Learning from Virtual Try-On Beyond Eyewear

Some retail categories are notoriously tough to buy online unless you know exactly the brand, model, color, and size you need.  When buying products like make-up, eyewear, fitted apparel, shoes, and jewelry, it’s a huge benefit to be able to test out or try-on the physical product prior to purchasing it.  

Some retail categories are notoriously tough to buy online unless you know exactly the brand, model, color, and size you need.  When buying products like make-up, eyewear, fitted apparel, shoes, and jewelry, it’s a huge benefit to be able to test out or try-on the physical product prior to purchasing it.  

For example, it’s hard for consumers to know the right shade of make-up without exploring the physical Tester samples at a retail store – a reason Sephora’s try-before-you-buy retail concept has thrived. Consumers are cautious buying expensive jewelry online because they want to see how the chain looks around their neck or how big the diamond ring looks on their hand, leading fine jewelry to have low online conversion rates.  Fitted apparel, like jeans, swimsuits, and tight dresses are risky to buy online without the risk of the return. Eyewear has historically had the lowest eCommerce penetration because it’s so hard to find the perfect fitting glasses for your unique face.

eCommerce adds efficiencies from centralized distribution but often leads to a huge return issue – often 30-50%. Returned items can’t always be resold with only about 76% suitable for resale, 15% going to outlet stores, 7% donated to charity and 1% returned to manufacturers. The reason for all of these returns is driven by poorly fitting items. Poor fit contributes to ⅔ of returns, with returns and reverse logistics costing $100B each year.

Retailers and brands are acutely aware of this pain and have come up with a wide range of solutions that help address these concerns including generous return policies (e.g. Nordstrom’s return policy where they often take things back even after months or years at home) and home try-on programs (e.g. Liingo Eyewear and Warby Parker’s Try 5 on at Home program, Amazon’s Prime Wardrobe program where you aren’t charged until 7 days after you get the items or TryNow, a Shopify plug-in that allows brands to offer try-before-you-buy to customers). There has also been a major push towards more scalable, virtual solutions including the use of augmented reality virtual try-on, commonly referred to as VTO, technology.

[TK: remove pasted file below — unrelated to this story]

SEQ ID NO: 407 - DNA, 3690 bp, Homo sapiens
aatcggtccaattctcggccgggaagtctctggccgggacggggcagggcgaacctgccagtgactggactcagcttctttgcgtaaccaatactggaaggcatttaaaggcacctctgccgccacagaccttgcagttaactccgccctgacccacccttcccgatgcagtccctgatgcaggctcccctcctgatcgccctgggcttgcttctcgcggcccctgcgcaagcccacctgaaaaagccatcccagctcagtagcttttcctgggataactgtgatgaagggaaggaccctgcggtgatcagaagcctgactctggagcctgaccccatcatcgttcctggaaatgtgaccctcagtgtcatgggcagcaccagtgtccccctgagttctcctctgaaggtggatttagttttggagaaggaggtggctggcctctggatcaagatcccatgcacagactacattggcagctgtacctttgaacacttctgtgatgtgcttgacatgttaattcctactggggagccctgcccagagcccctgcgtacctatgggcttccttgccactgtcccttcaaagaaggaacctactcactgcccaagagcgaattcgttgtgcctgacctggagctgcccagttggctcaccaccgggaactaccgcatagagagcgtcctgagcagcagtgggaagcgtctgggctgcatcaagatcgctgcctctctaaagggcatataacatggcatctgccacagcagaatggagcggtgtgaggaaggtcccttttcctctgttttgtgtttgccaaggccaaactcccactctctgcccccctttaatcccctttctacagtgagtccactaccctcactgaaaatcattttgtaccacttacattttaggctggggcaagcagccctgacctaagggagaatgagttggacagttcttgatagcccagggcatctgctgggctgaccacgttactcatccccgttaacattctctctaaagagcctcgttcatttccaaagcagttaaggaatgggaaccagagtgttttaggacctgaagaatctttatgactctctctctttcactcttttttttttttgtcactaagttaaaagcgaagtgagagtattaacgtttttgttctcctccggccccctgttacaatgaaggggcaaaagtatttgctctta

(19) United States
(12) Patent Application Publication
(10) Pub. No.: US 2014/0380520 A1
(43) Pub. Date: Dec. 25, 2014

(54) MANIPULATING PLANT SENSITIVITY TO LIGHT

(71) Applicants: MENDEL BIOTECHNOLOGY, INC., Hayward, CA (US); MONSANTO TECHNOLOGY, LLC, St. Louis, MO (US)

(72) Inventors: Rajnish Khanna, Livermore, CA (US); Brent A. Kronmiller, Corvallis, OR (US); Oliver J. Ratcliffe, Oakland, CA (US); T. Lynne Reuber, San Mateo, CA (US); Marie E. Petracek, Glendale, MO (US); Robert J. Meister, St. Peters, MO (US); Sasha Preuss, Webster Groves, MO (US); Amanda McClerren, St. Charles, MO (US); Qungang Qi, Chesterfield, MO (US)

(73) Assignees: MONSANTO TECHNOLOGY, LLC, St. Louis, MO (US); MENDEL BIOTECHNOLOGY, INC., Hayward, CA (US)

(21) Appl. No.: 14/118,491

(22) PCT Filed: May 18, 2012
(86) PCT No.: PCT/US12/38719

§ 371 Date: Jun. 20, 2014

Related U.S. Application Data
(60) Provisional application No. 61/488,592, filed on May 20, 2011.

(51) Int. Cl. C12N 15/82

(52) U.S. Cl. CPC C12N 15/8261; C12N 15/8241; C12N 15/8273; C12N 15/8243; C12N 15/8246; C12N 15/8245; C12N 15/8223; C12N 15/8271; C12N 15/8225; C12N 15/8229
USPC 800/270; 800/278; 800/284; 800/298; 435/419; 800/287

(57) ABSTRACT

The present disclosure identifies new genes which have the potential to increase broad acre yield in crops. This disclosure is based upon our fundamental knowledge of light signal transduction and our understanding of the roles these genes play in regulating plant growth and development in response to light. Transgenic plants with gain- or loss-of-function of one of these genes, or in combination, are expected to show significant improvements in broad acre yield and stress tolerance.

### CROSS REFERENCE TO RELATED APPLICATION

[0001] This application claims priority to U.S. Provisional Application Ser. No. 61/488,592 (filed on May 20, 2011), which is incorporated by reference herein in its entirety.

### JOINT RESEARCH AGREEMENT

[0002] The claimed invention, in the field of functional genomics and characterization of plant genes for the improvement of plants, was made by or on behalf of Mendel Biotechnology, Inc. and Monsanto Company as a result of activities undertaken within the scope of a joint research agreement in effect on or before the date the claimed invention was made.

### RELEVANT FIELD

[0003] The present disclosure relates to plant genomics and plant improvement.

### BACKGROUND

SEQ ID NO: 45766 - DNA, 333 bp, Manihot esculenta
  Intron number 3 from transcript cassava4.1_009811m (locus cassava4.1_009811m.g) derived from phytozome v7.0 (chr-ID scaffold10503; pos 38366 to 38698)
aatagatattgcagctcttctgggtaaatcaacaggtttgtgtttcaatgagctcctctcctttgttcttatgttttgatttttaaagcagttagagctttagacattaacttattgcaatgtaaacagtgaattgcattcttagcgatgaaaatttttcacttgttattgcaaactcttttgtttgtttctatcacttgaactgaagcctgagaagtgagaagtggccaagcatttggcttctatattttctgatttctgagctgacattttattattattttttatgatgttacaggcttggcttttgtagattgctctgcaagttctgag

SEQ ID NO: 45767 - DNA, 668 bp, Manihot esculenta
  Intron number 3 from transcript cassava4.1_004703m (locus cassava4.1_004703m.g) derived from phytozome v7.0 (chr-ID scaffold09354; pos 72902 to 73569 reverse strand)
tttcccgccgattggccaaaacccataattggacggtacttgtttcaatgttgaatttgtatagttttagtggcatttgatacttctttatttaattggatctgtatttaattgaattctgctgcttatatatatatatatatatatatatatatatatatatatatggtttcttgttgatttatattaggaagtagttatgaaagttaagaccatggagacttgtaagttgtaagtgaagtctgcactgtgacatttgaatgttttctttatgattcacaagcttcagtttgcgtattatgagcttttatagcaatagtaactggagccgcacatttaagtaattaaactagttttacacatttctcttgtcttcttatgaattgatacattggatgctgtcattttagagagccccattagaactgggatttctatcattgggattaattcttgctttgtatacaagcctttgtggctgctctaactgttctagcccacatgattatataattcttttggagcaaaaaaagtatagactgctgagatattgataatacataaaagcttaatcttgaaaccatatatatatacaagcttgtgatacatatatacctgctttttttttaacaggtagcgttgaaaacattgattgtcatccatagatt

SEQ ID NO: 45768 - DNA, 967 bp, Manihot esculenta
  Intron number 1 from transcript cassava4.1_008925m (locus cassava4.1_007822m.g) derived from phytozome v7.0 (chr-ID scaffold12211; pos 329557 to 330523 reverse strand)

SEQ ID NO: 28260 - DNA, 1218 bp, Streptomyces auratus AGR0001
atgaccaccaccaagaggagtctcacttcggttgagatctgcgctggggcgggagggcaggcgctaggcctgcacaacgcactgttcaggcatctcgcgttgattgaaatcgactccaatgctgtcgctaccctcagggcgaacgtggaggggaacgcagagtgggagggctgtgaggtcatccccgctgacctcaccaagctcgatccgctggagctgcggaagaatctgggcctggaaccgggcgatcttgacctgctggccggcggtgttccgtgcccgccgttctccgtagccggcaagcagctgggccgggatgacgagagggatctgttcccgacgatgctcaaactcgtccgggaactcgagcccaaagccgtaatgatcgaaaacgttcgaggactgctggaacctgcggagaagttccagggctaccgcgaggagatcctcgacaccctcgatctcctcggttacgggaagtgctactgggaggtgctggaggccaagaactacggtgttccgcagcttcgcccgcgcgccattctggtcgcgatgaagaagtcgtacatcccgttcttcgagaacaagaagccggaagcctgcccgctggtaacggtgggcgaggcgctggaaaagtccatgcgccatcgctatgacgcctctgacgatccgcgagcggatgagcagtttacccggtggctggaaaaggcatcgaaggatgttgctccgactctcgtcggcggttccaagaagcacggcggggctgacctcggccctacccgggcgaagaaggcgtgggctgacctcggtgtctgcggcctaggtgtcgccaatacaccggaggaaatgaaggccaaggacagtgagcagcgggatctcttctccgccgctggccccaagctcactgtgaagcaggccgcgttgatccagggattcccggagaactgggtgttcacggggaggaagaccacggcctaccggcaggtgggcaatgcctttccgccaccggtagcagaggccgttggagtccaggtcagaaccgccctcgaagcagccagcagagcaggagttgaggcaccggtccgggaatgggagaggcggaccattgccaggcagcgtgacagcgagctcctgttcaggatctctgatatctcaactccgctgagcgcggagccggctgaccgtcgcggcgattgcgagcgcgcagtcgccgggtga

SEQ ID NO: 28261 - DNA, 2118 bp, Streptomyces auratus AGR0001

This article goes deeper on virtual try-on to review:

  • An overview of virtual try-on
  • The key benefits of virtual try-on for customers and retailers/brands
  • Key considerations when selecting a virtual try-on
  • Virtual try-on leaders by category
  • Our predictions on the future of virtual try-on


Virtual Try-On Overview

Virtual try-on technology is a form of augmented reality that superimposes the product onto a customer’s face, body, hand, etc.  This visualization allows customers to see how the products look on them so they can make an informed buying decision.

This is a broad term that can include showing products on a single image, a set of recorded images or a video, or onto a live, real-time camera feed (think Snapchat or Instagram filters). This can even include the creation of an avatar which is used to try-on products.


There are usually few components to the Virtual Try-On:

  1. The detection of the face, body part or body which utilizes computer vision to detect various landmarks or pixels on the user
  2. Many but not all VTOs reconstruct the face/body part/body in 3D using the detection (generate the shape with proper dimensions); others might just overlay on detected landmark points in 2D image/video/camera feed.
  3. The creation of the digital item.  For most VTO solutions today, there is a digital replica of the physical product that is created ahead of time and then that digital item is superimposed on the customer’s image later during the VTO. There are several techniques for creating these digital assets including various photogrammetry techniques where many images of the object are taken or scanned and then stitched together to create a textured model of the object. These include Apple’s new Capture SDK which was released just last month and many 3rd party groups. However, these techniques don’t work well for every type of object including eyewear, jewelry and anything that has a lot of shiny, translucent, or transparent attributes.  These digital assets oftentimes need to be built using 3D software in a manual or semi-manual process to get accurate geometry and textures. 
  4. The fitting and positioning of the digital asset onto the reconstructed face/body part/body or landmark points
  5. The occlusions are figured out based on the positioning of the digital asset with respect to reconstructed face/body part/body in 3D.
  6. The digital asset is projected back into the single image, a set of recorded images or a video, or onto a live, or onto the real-time camera feed


Note there are some AI techniques that avoid the need for digital replicas but they are in early stages (see Predictions for VTO below).


Virtual Try-On Use Cases